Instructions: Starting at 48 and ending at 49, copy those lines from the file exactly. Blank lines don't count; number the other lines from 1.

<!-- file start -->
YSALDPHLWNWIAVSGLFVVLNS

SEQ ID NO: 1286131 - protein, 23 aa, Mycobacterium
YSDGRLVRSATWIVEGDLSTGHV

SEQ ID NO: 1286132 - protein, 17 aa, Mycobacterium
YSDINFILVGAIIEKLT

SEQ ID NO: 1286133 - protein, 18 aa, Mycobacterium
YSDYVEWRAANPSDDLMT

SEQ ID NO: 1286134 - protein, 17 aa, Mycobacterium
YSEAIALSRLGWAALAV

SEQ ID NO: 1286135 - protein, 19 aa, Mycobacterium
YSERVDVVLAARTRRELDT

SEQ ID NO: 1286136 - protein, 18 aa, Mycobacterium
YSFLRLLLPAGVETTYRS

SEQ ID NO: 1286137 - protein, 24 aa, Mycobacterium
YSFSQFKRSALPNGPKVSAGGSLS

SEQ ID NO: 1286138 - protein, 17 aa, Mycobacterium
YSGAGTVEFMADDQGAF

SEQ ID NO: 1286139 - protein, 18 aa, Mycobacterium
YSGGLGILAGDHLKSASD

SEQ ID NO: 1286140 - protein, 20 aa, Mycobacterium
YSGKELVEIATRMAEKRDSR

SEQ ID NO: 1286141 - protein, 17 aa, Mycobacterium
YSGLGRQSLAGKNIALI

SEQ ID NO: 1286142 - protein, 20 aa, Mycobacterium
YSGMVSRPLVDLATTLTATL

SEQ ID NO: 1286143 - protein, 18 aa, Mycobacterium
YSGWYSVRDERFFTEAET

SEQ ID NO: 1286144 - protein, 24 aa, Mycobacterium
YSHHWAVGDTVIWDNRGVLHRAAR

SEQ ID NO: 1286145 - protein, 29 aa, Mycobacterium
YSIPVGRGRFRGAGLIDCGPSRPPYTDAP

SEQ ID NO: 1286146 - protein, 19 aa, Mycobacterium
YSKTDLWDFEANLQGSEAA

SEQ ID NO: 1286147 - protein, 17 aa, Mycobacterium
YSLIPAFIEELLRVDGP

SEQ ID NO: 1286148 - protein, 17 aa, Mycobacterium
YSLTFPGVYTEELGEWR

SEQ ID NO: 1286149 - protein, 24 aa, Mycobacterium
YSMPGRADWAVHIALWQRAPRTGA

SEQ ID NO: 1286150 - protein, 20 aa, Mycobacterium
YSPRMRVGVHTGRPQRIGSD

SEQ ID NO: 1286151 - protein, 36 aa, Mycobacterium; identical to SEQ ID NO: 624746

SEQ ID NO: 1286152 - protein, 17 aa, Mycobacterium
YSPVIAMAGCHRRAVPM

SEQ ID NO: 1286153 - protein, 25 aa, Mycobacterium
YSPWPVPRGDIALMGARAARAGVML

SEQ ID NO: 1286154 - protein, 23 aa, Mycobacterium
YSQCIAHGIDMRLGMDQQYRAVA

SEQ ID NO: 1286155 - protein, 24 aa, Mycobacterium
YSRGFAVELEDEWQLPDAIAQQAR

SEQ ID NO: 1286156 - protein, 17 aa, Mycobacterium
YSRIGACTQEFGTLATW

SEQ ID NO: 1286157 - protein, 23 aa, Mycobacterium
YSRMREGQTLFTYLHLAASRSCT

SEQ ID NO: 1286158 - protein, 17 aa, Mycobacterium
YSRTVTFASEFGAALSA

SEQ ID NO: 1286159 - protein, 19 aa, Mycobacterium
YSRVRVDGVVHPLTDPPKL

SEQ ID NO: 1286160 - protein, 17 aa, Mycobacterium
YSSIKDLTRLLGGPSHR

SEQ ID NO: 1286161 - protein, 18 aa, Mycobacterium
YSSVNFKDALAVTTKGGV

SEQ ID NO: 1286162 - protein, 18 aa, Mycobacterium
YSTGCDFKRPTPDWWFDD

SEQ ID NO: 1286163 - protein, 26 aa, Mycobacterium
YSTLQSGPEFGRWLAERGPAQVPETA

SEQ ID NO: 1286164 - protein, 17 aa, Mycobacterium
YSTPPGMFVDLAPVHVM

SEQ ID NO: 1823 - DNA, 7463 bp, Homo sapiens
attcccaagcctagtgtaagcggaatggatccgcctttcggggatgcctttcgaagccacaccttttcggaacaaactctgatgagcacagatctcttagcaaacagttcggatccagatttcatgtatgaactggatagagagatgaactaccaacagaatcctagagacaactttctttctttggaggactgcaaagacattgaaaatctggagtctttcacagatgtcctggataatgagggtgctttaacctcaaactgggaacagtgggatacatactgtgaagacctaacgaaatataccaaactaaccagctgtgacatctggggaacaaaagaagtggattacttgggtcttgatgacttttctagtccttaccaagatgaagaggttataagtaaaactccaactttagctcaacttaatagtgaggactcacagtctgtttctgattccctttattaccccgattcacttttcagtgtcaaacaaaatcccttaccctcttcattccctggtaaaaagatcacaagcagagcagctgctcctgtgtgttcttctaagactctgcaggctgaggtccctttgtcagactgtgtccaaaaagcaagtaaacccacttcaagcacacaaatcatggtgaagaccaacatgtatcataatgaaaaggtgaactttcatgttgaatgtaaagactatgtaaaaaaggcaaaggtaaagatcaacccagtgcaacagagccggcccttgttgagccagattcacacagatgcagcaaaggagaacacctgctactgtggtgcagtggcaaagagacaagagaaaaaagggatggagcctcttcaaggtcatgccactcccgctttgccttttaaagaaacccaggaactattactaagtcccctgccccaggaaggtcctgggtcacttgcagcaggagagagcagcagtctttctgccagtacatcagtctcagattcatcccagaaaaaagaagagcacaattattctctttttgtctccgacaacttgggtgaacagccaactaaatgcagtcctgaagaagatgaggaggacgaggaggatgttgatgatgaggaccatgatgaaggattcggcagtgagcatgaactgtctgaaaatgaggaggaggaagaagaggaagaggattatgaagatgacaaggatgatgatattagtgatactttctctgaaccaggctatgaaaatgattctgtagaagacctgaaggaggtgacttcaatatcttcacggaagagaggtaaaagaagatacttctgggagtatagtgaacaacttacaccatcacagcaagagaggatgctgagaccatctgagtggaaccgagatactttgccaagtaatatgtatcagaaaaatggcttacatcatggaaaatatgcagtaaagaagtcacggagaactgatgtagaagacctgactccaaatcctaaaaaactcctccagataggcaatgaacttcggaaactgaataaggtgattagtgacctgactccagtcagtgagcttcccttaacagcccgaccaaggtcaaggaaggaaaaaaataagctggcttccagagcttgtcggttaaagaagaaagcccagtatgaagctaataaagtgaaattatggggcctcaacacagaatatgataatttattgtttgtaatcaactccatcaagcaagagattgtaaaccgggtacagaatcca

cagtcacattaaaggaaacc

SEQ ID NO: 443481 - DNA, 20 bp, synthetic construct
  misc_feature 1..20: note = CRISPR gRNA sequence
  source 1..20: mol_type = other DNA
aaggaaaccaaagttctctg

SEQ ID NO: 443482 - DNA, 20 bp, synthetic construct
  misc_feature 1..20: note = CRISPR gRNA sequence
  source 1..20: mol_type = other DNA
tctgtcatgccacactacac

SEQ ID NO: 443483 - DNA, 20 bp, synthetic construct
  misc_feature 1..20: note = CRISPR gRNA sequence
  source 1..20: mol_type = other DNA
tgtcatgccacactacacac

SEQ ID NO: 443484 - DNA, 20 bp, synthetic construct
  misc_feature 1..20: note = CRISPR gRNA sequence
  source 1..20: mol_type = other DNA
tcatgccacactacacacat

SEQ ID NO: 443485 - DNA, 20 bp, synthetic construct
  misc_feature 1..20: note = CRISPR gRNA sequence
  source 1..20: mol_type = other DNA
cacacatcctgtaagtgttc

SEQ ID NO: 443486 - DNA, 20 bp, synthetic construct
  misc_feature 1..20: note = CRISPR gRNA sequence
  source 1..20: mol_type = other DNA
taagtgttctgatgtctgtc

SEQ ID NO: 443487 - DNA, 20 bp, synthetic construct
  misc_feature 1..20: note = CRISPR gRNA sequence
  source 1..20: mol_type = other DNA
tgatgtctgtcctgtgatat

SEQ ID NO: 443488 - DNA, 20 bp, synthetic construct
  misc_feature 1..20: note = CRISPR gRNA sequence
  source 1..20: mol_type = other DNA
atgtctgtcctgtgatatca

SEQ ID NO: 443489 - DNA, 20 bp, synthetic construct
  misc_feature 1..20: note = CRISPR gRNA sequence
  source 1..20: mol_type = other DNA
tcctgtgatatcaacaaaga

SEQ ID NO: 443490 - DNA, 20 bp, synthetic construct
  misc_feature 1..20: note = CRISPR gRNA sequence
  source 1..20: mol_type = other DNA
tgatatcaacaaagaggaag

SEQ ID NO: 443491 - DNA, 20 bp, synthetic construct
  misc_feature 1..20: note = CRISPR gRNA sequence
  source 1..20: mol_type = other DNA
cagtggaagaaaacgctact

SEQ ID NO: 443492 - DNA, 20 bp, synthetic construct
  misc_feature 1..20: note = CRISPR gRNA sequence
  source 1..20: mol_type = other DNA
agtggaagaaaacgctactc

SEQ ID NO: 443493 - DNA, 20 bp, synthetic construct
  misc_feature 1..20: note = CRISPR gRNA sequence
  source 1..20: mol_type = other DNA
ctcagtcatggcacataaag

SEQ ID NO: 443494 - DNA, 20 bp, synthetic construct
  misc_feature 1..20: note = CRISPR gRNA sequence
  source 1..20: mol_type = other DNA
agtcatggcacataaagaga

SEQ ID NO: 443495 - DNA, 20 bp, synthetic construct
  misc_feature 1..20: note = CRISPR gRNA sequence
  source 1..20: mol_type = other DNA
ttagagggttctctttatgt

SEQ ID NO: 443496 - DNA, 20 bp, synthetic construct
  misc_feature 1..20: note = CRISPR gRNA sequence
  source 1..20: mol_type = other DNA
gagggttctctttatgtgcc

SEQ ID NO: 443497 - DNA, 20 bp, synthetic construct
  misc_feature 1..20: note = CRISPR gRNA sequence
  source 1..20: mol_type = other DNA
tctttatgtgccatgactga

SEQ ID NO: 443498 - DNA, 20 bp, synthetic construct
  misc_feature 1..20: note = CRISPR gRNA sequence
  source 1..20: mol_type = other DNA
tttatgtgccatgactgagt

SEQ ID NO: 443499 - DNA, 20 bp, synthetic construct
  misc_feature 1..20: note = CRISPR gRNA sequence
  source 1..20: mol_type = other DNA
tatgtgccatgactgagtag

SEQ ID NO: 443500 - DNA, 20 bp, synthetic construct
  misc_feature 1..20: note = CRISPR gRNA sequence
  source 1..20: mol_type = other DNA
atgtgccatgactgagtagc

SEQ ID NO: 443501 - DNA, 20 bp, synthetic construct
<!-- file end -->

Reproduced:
YSQCIAHGIDMRLGMDQQYRAVA

SEQ ID NO: 1286155 - protein, 24 aa, Mycobacterium